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You’re a Credit Card Owner. Now What?

How Do Credit Cards Work?

Credit cards are like loans that you always have access to. They correspond to a line of credit that you are granted, which reflects how much money a credit card company is willing to trust you with. This could be $500 or it could be $5,000. It just depends on your situation.

The money in your line of credit is not technically your money. It belongs to the credit card issuer, or the company that gave you the card in the first place. You are allowed to use it out of trust, but you always have to pay it back. You can do this in one lump sum, or you can make payments on the account. As long as you fulfill the minimum monthly payments needed, your account will continue to be in good standing.

Credit Card Processing at a Glance

To fully understand how credit cards work, you have to know how they are processed. In other words, you need to know how money gets from your line of credit to a merchant you buy something from. Here is a quick look at the steps:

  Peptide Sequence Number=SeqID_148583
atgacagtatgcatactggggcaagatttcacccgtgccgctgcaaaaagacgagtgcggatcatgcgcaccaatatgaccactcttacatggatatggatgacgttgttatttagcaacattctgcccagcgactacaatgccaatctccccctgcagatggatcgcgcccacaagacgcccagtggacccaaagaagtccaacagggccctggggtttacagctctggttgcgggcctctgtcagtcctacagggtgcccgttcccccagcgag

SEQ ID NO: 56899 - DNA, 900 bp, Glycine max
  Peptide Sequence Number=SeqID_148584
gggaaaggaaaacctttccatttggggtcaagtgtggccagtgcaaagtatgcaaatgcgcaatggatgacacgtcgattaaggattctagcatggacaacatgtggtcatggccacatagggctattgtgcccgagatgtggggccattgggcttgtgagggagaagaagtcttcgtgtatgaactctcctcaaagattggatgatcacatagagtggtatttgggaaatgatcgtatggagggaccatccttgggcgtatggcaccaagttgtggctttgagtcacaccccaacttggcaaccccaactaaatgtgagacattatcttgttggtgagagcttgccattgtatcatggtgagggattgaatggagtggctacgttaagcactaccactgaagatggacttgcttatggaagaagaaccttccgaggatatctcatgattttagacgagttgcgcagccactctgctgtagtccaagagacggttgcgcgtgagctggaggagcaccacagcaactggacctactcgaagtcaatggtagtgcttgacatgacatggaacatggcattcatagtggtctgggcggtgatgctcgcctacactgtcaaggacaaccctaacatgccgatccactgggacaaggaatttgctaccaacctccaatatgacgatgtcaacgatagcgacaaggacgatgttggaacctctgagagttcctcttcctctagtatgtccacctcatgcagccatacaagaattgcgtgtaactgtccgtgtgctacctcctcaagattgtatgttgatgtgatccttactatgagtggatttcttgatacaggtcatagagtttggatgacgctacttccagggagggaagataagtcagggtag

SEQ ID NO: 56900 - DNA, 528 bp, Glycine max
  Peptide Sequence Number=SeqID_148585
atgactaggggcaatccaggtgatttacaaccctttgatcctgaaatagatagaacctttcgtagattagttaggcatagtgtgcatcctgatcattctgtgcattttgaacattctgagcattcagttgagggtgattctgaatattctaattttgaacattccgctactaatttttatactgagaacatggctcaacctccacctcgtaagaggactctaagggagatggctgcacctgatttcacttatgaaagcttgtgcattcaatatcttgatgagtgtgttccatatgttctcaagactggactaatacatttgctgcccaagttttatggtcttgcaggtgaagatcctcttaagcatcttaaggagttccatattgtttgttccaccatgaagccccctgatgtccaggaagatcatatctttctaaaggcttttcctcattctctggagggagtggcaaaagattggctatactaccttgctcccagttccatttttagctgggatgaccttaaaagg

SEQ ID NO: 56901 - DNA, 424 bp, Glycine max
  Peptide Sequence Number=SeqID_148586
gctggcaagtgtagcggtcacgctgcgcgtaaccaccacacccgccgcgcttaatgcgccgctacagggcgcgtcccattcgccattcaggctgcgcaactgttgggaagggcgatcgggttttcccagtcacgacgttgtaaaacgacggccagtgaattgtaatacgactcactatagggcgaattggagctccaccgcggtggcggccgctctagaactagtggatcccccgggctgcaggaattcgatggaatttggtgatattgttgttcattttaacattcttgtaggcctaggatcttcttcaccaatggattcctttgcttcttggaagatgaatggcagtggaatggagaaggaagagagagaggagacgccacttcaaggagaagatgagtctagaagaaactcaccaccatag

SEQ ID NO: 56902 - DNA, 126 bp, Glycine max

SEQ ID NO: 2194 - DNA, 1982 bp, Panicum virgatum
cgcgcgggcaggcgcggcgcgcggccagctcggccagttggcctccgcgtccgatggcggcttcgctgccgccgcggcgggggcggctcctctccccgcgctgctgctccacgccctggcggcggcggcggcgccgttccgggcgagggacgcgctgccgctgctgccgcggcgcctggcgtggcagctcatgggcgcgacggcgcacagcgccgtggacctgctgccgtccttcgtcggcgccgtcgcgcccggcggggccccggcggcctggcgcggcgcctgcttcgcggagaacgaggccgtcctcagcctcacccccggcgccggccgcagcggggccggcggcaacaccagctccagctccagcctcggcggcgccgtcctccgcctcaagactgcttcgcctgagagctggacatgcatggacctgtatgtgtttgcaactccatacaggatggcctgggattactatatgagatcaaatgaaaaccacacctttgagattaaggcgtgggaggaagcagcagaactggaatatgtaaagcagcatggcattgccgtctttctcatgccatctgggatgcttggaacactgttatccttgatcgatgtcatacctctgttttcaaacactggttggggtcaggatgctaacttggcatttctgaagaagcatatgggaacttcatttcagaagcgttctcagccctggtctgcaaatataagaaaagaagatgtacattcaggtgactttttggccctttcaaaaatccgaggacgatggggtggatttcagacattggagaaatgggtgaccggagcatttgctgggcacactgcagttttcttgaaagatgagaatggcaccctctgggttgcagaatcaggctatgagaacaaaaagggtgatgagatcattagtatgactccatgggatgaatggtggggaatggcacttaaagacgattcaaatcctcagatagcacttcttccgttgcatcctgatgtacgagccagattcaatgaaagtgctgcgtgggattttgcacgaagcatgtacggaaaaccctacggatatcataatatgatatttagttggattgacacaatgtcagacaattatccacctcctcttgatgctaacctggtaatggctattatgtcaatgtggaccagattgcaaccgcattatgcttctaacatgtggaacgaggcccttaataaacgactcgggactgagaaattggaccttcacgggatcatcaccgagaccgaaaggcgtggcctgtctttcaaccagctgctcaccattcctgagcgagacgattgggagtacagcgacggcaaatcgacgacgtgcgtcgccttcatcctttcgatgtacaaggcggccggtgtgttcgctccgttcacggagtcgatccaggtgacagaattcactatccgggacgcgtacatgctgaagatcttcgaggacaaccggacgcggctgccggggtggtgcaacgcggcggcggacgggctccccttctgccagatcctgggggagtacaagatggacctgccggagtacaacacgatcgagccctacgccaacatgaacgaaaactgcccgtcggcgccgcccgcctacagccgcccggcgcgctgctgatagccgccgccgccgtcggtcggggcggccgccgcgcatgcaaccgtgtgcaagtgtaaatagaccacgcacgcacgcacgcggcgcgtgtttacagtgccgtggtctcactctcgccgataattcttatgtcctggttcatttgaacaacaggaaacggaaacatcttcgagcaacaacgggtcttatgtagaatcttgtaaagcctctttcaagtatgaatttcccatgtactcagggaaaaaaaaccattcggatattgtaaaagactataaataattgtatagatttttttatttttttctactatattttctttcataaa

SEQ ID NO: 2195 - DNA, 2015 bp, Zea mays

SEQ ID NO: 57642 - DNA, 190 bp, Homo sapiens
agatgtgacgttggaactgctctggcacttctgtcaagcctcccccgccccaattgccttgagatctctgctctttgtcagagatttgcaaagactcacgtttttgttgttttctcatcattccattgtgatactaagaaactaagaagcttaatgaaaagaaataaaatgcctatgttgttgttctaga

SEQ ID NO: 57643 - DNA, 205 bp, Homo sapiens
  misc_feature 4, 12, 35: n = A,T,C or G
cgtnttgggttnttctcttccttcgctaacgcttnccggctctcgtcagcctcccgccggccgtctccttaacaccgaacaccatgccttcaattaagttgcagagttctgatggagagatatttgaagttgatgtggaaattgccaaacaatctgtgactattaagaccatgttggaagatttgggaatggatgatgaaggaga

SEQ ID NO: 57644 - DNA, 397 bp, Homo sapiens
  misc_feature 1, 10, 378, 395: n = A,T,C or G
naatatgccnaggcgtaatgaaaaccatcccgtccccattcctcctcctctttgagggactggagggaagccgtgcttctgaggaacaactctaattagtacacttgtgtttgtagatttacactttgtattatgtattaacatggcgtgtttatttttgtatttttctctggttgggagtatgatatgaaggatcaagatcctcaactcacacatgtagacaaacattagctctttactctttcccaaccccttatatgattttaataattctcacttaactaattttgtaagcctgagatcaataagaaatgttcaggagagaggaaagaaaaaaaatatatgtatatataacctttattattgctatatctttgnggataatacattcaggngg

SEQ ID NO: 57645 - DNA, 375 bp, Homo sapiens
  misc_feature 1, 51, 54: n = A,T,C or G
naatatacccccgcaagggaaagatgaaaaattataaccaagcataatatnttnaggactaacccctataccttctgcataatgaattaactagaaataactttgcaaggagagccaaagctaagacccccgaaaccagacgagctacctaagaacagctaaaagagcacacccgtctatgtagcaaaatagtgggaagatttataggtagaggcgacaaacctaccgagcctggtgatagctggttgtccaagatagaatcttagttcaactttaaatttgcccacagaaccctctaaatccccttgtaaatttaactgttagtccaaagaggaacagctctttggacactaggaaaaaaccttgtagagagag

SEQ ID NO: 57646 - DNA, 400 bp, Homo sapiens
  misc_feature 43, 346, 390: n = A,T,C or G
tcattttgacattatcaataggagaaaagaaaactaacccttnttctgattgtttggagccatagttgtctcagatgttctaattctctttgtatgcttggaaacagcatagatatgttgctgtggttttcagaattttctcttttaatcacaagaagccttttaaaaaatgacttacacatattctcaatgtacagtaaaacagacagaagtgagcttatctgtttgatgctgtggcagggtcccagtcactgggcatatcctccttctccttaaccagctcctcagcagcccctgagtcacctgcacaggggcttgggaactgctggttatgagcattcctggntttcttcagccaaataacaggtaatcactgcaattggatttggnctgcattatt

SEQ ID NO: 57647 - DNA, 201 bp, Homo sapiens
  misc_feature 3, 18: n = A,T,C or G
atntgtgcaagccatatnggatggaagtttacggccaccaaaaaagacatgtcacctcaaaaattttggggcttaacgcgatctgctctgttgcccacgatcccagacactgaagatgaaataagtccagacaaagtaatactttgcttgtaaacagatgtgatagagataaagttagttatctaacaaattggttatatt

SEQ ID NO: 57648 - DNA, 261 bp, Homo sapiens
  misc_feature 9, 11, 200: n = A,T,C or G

Girl with credit card slider
  • You swipe your card at a store or some other business that accepts credit cards.
  • The merchant’s machine sends a signal to a middle man (known as the acquirer), who then asks your credit card company if you have enough money for the transaction.
  • You swipe your card at a store or some other business that accepts credit cards.
  • The merchant’s machine sends a signal to a middle man (known as the acquirer), who then asks your credit card company if you have enough money for the transaction.

After a couple days of extra processing, your amount due will show up on your credit card statement, ready for you. For the most part, your end of this process only takes a couple seconds to complete, but the whole process can take weeks with some credit card companies. All you need to know is that the money you charge on your card is taken away from your available credit balance (the money you can use)

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